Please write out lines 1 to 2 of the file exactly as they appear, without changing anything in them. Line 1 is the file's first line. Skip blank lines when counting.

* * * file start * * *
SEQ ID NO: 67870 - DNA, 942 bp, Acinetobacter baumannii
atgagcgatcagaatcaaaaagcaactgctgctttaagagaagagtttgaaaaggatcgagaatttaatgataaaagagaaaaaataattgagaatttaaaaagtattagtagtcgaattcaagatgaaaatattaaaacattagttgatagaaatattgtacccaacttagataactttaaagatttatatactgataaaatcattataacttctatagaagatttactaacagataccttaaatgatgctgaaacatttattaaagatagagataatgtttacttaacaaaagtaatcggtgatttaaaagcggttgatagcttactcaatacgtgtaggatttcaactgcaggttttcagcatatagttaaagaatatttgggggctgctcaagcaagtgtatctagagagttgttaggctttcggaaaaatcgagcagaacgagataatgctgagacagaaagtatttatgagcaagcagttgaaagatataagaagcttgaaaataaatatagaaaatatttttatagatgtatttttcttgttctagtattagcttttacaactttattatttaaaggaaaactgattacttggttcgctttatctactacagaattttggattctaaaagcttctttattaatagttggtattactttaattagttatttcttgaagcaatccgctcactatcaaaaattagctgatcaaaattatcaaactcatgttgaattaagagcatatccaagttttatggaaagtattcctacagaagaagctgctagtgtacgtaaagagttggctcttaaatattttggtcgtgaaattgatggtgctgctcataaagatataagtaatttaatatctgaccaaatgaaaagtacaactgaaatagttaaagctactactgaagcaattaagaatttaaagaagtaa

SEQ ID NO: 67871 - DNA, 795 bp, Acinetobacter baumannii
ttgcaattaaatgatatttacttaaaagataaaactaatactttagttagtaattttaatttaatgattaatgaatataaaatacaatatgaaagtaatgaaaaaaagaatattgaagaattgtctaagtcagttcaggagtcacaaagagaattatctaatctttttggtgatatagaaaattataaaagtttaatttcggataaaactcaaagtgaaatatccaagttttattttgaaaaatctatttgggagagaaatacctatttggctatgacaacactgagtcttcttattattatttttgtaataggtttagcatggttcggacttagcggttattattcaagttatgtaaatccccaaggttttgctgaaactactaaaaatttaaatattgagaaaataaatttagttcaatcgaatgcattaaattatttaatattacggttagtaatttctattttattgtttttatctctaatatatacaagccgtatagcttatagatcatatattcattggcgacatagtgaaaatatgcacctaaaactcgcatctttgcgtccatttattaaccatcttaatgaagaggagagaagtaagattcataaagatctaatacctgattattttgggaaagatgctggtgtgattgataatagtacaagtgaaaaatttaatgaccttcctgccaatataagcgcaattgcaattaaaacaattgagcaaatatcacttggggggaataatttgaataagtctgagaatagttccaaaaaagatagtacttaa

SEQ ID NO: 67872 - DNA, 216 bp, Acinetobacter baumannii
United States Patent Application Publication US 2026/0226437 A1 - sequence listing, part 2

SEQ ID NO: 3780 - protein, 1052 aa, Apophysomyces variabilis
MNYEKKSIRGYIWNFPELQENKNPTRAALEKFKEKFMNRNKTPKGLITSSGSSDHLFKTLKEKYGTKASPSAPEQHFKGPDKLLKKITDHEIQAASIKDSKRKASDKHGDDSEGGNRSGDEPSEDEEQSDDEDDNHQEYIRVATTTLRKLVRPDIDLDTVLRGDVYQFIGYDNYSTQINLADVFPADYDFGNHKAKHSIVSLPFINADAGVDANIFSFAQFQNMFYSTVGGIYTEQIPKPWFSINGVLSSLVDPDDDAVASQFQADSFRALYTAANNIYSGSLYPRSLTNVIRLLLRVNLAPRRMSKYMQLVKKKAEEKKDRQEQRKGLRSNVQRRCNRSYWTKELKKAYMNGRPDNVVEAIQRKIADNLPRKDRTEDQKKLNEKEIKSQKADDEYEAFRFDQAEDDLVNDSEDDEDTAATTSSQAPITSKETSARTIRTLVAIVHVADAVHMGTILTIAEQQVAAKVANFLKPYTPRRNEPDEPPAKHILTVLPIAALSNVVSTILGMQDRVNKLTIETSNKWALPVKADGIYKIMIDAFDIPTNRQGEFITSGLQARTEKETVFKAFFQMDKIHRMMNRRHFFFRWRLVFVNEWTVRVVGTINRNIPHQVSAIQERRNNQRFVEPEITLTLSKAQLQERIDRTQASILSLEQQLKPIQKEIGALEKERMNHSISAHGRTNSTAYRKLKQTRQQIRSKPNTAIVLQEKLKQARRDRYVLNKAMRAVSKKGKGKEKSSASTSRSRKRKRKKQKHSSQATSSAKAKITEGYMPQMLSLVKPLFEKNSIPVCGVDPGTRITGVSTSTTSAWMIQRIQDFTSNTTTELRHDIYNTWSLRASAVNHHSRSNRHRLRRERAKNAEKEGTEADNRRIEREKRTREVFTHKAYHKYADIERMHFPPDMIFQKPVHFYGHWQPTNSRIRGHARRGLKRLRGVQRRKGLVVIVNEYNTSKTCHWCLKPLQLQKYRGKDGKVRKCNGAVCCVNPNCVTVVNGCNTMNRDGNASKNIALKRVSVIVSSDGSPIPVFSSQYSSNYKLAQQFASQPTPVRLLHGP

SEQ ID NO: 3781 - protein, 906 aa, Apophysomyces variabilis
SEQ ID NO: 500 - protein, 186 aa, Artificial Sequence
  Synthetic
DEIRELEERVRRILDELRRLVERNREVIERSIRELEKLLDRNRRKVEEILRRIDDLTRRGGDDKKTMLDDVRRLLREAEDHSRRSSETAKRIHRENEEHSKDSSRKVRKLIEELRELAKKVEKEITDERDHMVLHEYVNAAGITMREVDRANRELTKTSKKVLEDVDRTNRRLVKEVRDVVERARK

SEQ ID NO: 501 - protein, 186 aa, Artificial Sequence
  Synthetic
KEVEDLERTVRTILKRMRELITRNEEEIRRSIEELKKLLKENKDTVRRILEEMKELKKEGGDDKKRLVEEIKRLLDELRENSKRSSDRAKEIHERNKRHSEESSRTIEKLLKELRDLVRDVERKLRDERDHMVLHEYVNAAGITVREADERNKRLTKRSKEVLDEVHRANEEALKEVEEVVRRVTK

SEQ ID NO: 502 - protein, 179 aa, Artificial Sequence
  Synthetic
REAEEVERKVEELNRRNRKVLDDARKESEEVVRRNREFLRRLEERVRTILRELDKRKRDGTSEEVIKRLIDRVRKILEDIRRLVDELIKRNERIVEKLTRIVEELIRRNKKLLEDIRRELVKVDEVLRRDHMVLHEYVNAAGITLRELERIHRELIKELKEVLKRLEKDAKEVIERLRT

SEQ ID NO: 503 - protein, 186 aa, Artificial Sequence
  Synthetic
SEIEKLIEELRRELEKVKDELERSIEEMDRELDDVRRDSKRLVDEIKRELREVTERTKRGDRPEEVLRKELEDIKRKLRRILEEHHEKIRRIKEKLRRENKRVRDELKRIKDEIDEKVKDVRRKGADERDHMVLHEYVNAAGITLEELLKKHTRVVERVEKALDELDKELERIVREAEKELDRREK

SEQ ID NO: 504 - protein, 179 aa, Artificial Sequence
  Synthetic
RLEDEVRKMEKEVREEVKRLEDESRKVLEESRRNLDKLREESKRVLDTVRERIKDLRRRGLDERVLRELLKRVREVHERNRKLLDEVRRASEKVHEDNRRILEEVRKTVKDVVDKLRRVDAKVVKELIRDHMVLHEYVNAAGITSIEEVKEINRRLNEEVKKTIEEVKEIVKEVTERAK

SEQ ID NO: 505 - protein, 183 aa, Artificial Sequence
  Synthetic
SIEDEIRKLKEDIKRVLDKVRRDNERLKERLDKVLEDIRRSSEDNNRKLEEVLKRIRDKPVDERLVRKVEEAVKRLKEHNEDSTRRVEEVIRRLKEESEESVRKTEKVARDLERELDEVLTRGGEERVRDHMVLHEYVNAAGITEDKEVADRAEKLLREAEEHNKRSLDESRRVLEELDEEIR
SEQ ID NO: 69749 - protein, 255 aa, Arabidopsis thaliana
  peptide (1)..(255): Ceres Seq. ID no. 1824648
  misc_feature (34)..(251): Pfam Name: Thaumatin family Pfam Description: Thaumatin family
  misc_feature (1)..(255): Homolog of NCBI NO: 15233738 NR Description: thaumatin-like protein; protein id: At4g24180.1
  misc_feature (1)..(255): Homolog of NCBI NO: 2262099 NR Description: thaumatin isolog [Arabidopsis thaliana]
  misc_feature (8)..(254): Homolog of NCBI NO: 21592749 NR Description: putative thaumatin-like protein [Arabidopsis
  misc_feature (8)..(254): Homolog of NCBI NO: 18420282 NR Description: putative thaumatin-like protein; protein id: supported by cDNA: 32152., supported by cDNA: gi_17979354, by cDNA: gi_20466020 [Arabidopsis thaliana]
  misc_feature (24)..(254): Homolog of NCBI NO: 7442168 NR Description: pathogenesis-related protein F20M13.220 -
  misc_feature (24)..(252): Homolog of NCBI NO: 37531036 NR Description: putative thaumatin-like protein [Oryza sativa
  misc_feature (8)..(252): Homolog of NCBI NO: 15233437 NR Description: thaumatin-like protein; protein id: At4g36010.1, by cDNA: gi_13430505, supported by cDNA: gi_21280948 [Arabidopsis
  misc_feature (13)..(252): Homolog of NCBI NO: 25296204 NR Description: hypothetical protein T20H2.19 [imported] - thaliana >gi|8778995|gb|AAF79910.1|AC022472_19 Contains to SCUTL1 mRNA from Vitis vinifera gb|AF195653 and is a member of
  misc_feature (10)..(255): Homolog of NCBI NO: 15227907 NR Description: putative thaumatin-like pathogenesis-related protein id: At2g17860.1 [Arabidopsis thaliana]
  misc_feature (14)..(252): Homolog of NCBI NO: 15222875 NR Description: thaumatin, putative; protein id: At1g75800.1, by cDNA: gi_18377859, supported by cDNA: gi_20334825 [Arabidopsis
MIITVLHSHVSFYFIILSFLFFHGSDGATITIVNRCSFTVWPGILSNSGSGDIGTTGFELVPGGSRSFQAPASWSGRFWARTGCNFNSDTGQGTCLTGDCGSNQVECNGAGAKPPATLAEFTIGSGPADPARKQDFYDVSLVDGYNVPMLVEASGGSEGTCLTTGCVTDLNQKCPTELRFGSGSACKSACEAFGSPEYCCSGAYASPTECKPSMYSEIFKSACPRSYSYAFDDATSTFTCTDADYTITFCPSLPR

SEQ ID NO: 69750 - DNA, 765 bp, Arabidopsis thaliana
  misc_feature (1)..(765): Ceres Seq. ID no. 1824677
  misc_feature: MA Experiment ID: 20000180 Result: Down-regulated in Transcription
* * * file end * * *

SEQ ID NO: 67870 - DNA, 942 bp, Acinetobacter baumannii
atgagcgatcagaatcaaaaagcaactgctgctttaagagaagagtttgaaaaggatcgagaatttaatgataaaagagaaaaaataattgagaatttaaaaagtattagtagtcgaattcaagatgaaaatattaaaacattagttgatagaaatattgtacccaacttagataactttaaagatttatatactgataaaatcattataacttctatagaagatttactaacagataccttaaatgatgctgaaacatttattaaagatagagataatgtttacttaacaaaagtaatcggtgatttaaaagcggttgatagcttactcaatacgtgtaggatttcaactgcaggttttcagcatatagttaaagaatatttgggggctgctcaagcaagtgtatctagagagttgttaggctttcggaaaaatcgagcagaacgagataatgctgagacagaaagtatttatgagcaagcagttgaaagatataagaagcttgaaaataaatatagaaaatatttttatagatgtatttttcttgttctagtattagcttttacaactttattatttaaaggaaaactgattacttggttcgctttatctactacagaattttggattctaaaagcttctttattaatagttggtattactttaattagttatttcttgaagcaatccgctcactatcaaaaattagctgatcaaaattatcaaactcatgttgaattaagagcatatccaagttttatggaaagtattcctacagaagaagctgctagtgtacgtaaagagttggctcttaaatattttggtcgtgaaattgatggtgctgctcataaagatataagtaatttaatatctgaccaaatgaaaagtacaactgaaatagttaaagctactactgaagcaattaagaatttaaagaagtaa